Certainly, there are plenty of underrated museums in Washington, D.C. worth checking out, each one a ways away from the National Mall and packed to the brim with history and cool artifacts. But there other secret spaces art lovers in particular should head to for something a little off the beaten path.
Below, Curbed DC has listed six no-cost sites worth a look, from the District’s seat of power to a weekly public market.
Have any other suggestions worth adding to the list? Let Curbed DC know in the comments.
For free, art lovers can get curator-led public art tours of the Convention Center’s $4 million art collection. According to the Events DC website, this art collection is the largest in any convention center and the largest public art collection in the District outside of a museum with more than 130 works of art.
For a a look at all of the artworks inside, check out this map, which details every painting, sculpture, and photograph.
Yes, that's a church. Yes, it's covered from head to toe in vibrant colors. Can you go inside? Of course. Blind Whino is a non-profit arts club and event space that features exhibits, events, live performances, and artist workshops.
While not located by the National Mall, it's still one of the best museums in Washington, D.C. with some of the coolest art around.
As one of D.C.’s best kept secrets, it’s no surprise that many in the nation’s capital haven’t heard of The Barbie Pond on Avenue Q. At first, it might sound rather peculiar. I mean, what’s the big deal? It’s just Barbies. But it’s much more than that.
Located in front of a private residence, this is for sure one of the city’s best public art displays. Every few months, the theme changes for the display. One month, it might reflect a holiday, the next maybe a local event. Always, the display is a quirky, cute surprise with something to offer for everyone.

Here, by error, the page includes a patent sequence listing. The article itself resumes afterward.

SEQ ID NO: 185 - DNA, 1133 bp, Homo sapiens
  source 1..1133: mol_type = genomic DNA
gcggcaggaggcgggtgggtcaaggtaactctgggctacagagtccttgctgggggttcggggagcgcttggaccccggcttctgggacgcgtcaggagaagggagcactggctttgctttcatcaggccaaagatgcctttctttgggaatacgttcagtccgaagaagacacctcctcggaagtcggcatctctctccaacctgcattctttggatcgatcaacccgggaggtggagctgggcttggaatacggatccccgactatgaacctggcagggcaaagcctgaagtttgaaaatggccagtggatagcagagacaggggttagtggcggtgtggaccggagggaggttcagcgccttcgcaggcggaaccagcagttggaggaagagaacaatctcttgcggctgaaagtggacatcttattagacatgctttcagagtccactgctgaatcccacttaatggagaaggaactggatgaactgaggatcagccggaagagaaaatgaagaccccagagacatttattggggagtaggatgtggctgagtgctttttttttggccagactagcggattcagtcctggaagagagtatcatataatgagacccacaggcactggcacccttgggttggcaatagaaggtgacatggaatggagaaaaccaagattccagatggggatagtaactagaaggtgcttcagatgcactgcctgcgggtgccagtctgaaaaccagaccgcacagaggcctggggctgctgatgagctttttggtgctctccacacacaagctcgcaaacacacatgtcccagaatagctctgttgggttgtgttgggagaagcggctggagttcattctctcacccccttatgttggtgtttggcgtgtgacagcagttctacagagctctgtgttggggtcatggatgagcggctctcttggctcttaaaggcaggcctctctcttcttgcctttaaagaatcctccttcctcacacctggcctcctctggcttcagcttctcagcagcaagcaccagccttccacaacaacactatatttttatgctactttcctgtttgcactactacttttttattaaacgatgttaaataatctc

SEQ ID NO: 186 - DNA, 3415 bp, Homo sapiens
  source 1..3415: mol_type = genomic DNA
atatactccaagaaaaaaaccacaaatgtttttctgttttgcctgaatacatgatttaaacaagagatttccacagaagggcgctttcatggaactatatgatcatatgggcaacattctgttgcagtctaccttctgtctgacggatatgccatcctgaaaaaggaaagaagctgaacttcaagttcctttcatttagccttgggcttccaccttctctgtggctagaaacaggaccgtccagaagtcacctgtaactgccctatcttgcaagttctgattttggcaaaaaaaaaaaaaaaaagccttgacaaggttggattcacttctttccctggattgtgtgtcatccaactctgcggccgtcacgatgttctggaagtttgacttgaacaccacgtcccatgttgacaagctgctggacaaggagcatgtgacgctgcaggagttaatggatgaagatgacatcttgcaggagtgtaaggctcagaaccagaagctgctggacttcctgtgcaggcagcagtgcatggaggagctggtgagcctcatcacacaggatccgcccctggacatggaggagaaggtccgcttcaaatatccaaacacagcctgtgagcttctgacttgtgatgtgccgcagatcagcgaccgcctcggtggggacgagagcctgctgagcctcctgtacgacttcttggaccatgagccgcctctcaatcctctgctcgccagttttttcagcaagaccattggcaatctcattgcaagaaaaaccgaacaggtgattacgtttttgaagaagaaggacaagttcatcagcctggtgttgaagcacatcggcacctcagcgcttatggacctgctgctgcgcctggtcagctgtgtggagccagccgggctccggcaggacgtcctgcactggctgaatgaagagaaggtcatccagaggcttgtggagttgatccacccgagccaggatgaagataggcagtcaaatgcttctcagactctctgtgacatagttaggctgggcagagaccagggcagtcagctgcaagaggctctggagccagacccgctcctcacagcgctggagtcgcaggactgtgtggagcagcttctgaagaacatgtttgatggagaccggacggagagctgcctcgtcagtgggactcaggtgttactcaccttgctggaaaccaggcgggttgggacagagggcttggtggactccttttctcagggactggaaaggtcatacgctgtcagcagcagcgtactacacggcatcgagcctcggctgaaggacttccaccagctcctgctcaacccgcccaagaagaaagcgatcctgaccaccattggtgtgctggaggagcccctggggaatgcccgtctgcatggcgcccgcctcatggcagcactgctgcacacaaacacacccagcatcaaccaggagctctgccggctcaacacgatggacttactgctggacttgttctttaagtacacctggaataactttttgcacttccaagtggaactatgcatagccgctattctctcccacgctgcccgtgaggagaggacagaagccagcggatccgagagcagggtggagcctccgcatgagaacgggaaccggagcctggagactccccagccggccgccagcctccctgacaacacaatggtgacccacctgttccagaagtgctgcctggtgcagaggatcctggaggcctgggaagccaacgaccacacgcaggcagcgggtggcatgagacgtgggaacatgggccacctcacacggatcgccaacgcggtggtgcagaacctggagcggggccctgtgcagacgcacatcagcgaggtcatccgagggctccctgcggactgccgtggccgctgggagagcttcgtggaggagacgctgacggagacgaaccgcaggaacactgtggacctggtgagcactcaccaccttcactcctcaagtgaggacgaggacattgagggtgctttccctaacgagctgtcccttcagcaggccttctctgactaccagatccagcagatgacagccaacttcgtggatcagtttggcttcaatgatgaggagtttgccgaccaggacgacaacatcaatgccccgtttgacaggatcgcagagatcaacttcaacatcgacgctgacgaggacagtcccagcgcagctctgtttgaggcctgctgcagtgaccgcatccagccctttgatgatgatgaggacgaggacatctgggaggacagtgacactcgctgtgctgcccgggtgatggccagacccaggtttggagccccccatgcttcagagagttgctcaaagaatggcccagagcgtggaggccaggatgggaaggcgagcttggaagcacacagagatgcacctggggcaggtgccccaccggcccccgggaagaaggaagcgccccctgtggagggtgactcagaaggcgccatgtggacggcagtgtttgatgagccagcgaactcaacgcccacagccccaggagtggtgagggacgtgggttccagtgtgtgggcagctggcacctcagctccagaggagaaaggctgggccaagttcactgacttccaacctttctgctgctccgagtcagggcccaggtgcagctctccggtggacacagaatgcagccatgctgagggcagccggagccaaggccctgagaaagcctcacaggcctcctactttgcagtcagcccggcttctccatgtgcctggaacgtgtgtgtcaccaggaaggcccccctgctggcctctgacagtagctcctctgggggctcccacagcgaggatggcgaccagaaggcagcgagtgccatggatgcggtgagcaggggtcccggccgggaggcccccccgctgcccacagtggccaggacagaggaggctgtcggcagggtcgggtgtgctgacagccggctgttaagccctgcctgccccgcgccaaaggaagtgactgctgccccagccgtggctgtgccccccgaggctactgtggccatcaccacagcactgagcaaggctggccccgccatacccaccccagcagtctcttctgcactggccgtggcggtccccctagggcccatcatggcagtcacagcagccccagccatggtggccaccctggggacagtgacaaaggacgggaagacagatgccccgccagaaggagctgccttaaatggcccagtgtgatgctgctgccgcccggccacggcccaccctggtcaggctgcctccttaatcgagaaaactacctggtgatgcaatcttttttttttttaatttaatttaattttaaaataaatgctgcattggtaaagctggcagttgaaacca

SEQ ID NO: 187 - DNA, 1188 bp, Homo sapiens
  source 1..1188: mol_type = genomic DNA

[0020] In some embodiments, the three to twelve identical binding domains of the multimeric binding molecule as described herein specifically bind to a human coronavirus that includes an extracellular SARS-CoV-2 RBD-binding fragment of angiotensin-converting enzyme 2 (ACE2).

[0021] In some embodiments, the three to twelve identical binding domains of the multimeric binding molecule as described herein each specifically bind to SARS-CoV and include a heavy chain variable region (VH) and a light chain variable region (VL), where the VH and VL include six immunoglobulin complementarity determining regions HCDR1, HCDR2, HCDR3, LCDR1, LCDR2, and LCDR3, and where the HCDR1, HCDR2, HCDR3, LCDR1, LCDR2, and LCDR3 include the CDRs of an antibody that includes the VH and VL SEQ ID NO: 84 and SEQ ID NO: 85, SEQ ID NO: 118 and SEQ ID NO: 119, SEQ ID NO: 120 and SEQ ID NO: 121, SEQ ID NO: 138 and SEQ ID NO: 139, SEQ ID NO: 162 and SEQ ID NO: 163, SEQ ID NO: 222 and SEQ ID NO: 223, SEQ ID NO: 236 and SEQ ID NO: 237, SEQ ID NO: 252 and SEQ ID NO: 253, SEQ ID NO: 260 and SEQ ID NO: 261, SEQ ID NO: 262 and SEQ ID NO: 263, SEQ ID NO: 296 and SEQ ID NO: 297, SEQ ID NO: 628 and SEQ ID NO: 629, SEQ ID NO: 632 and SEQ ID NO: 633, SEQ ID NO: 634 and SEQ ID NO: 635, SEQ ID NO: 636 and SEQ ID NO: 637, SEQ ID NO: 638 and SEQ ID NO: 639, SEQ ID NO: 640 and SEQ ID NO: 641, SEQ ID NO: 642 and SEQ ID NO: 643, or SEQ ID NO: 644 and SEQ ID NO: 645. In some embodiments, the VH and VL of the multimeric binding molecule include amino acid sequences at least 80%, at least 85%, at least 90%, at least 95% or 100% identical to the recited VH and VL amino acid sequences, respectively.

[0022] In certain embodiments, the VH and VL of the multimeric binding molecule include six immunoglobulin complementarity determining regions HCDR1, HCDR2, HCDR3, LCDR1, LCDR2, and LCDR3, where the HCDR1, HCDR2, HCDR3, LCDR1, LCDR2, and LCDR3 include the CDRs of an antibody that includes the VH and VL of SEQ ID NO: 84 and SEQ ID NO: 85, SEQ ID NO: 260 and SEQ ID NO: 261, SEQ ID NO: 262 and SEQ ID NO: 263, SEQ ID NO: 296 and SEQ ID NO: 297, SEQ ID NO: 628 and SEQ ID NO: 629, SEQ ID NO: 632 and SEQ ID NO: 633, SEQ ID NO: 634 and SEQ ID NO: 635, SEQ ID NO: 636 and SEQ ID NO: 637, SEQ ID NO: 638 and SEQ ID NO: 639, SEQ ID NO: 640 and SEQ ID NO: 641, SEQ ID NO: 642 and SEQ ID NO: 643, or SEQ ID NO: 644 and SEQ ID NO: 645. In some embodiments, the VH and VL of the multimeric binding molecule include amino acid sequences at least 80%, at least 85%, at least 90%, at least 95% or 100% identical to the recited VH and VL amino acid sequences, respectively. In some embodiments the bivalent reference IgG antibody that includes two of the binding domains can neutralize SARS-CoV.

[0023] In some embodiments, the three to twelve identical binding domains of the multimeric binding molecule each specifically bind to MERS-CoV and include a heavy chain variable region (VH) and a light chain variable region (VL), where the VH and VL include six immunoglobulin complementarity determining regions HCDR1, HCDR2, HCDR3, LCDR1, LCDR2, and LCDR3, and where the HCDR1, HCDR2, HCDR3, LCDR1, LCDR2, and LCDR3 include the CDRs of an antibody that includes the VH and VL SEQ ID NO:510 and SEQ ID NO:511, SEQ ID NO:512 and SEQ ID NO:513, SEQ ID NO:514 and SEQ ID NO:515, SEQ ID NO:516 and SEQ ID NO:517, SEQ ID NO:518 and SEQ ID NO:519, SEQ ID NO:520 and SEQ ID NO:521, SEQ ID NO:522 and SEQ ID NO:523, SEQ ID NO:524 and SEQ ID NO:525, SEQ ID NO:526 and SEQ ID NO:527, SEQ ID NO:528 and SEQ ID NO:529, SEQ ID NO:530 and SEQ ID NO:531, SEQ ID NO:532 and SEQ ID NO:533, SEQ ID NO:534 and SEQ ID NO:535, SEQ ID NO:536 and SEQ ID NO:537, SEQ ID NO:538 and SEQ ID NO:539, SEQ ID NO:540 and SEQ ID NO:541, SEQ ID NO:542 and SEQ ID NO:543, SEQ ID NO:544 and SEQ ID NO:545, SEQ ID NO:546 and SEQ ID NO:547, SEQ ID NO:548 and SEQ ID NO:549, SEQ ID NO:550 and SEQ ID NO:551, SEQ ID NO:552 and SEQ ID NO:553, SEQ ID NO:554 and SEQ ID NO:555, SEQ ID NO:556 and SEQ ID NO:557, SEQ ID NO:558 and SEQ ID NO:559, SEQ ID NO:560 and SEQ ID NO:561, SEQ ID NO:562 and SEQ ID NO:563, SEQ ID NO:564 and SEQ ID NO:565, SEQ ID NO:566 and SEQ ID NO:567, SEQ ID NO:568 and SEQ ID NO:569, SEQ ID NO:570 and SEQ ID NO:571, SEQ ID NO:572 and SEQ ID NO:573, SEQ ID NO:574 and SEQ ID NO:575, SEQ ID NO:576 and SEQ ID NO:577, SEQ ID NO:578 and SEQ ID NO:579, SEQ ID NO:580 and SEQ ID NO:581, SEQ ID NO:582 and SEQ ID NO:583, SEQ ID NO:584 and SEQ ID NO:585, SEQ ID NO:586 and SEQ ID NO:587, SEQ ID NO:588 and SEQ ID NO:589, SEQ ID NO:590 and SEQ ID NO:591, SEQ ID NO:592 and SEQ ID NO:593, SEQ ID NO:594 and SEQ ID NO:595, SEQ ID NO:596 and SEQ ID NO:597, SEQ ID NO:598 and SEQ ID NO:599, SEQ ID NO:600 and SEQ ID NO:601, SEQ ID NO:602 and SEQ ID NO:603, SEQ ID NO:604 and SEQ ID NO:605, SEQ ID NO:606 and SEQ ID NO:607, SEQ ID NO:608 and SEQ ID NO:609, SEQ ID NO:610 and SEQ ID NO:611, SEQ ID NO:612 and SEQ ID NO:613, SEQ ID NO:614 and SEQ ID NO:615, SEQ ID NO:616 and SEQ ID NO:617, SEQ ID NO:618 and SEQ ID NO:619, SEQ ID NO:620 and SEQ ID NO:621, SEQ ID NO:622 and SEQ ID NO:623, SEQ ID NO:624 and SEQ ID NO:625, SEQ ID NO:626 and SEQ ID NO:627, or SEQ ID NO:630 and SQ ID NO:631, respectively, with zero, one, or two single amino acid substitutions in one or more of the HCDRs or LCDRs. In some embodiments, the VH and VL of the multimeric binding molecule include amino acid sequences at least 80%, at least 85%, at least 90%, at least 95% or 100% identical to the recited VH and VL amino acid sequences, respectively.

By the Georgetown Waterfront, D.C. residents and visitors can find one of the city’s most beautiful embassies, known as House of Sweden. This embassy offers a space for the arts, culture, and literature found in Sweden as well as a range of live performances.
If that’s not enough, the building, itself, is a perfect example of Scandinavian architecture, designed by Gert Wingårdh and Tomas Hansen.
Known as the city’s premier food and arts market, Eastern Market has so much to offer. From local, farm-fresh produce to handmade artworks, this Capitol Hill destination has been in continuous operation since 1873.
Every weekend, local artists and crafters set up shop outside the market building with their paintings, sculptures, photographs, and jewelry. To see the full list of vendors, go to the Eastern Market website here.
The Wilson Building houses not only the offices of the city’s Council and Mayor, but also a rather prominent art collection. This site hosts the largest display of artworks from the Art Bank, which is a collection of over 2,700 artworks created by artists in the D.C. Metro area, according to the D.C. government website.
In the Wilson Building, there are over 200 artworks from the Art Bank with works from artists like Gene Davis and Alma Thomas. To see the collection, it is open from 9 a.m. to 5 p.m. on Mondays through Fridays. Free, guided tours are available on a bimonthly basis.